Governor going to Israel, not Fancy Farm
Published 3:49 pm Monday, July 25, 2022
The Center Square
While many Kentucky politicians and candidates will make their way to Western Kentucky in a couple of weeks to Fancy Farm, Gov. Andy Beshear said Friday he will miss the annual picnic that’s long been viewed as the start of the state’s fall political campaign season.
In a statement on his personal Twitter account, Beshear cited a religious trip as why he would not be at St. Jerome Catholic Church on Aug. 6.
“Britainy and I are visiting the Holy Land in August, giving us the amazing opportunity to deepen our faith and to learn more about Israel, one of our nation’s greatest allies,” Beshear tweeted, referencing his wife. “Because of this trip, we are unable to attend Fancy Farm.”
The statement came one day after he was asked during his weekly press briefing if he would attend. He said he did not have an answer to the question but would announce “soon.”
The picnic held on the first Saturday of August typically draws thousands to the small town of roughly 500 in Graves County. Along with the barbecue, the highlight of the daylong event is the stump speeches given by politicians and candidates, and most try to get as many one-liners in as they can before the raucous crowd.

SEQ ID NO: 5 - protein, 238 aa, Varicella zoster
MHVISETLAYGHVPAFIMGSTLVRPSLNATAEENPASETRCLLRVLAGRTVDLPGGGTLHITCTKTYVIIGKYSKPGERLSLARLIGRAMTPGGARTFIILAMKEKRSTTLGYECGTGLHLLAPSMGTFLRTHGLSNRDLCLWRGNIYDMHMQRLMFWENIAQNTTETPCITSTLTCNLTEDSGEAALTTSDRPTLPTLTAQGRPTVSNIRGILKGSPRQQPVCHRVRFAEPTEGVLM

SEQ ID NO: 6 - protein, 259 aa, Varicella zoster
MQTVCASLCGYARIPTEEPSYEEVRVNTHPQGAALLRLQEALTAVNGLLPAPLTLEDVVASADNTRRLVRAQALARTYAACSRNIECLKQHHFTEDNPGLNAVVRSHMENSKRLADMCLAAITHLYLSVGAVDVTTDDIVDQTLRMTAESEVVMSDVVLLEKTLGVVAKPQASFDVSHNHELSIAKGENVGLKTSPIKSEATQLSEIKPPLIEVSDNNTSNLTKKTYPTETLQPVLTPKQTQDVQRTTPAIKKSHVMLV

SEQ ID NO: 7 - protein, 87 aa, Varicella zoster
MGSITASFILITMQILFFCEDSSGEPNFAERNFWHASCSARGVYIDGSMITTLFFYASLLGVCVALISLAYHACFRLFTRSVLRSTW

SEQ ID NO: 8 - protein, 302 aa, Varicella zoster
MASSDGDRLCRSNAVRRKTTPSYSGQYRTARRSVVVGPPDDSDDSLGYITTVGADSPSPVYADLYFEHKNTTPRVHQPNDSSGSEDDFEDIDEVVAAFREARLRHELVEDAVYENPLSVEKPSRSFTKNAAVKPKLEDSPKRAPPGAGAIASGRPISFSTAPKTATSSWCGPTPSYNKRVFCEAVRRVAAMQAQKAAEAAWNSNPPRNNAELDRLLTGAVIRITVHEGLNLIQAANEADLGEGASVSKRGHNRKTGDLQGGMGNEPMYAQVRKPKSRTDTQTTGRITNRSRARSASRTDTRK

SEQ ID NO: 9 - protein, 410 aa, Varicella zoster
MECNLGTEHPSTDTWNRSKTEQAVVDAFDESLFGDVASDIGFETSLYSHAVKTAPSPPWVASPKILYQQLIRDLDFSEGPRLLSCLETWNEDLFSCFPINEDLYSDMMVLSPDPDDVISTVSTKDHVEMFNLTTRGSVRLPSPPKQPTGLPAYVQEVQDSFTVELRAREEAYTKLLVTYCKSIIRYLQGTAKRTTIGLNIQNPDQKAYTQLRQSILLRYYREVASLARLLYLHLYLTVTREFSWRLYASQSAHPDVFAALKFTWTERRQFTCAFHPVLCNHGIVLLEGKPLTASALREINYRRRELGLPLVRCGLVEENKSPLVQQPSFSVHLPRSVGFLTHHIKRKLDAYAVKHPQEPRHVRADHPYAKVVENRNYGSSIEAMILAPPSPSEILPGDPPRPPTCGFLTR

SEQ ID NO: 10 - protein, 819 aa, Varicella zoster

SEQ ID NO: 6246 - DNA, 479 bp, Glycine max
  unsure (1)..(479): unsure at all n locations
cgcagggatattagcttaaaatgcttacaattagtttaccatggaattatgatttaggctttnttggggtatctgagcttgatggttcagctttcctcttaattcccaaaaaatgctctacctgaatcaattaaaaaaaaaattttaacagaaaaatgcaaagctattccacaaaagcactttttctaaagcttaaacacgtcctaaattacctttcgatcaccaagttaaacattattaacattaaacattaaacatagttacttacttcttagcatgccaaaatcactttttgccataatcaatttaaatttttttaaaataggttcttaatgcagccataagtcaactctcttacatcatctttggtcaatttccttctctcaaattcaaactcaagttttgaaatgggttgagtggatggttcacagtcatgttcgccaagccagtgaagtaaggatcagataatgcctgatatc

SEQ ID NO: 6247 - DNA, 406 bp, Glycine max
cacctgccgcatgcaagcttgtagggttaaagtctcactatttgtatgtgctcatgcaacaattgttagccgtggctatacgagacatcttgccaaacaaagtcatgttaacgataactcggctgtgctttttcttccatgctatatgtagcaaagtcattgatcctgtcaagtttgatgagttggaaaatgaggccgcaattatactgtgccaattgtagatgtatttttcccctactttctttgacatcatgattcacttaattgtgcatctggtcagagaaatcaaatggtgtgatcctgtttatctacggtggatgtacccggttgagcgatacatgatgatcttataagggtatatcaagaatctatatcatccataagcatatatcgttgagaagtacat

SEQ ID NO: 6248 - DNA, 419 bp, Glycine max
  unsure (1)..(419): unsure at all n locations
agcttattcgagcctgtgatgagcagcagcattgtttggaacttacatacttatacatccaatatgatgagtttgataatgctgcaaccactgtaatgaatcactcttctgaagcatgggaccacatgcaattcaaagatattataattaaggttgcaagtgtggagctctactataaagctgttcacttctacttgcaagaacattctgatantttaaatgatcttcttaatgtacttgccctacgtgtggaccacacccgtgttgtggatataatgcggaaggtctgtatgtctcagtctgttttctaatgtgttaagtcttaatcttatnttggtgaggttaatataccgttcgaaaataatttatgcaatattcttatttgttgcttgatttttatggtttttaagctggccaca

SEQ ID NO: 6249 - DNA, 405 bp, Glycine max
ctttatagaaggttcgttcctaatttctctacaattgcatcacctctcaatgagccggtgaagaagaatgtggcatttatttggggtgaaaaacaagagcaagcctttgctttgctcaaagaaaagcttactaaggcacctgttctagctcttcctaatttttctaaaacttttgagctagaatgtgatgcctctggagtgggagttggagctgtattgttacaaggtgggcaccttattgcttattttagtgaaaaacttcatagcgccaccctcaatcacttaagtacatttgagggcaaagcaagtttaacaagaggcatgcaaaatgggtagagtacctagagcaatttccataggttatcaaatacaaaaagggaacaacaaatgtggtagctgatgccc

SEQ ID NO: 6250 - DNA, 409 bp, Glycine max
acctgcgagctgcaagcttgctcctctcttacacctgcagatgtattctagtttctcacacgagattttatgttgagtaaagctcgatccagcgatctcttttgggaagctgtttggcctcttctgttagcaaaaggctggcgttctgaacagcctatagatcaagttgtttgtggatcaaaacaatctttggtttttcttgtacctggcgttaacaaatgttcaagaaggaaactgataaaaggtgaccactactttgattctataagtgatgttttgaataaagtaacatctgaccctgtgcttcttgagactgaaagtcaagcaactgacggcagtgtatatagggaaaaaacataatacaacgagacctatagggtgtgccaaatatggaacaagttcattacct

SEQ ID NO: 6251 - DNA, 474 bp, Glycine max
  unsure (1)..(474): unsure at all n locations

While several candidates for 2022 races are expected to speak, a lot of attention will be paid to Republicans running for the gubernatorial nomination in next spring’s primary election.
According to Kentucky Today, Attorney General Daniel Cameron, Auditor Mike Harmon, state Rep. Savannah Maddox, R-Dry Ridge, and Agricultural Commissioner Ryan Quarles are the GOP gubernatorial candidates who have confirmed they will attend.
Kentucky’s two Republican U.S. Sens. Mitch McConnell and Rand Paul are pending because of the current congressional schedule. Former state Rep. Charles Booker, the Louisville Democrat challenging Paul in November, has confirmed he will speak.
Beshear also missed last year’s picnic, with a spokesperson a year ago citing the governor wanting to be with his family and make up for time lost due to the COVID-19 pandemic as the reason.
The last time he appeared at the event was in 2019, when he served as the attorney general and the Democratic gubernatorial nominee against then-Gov. Matt Bevin, who he defeated in the general election that fall.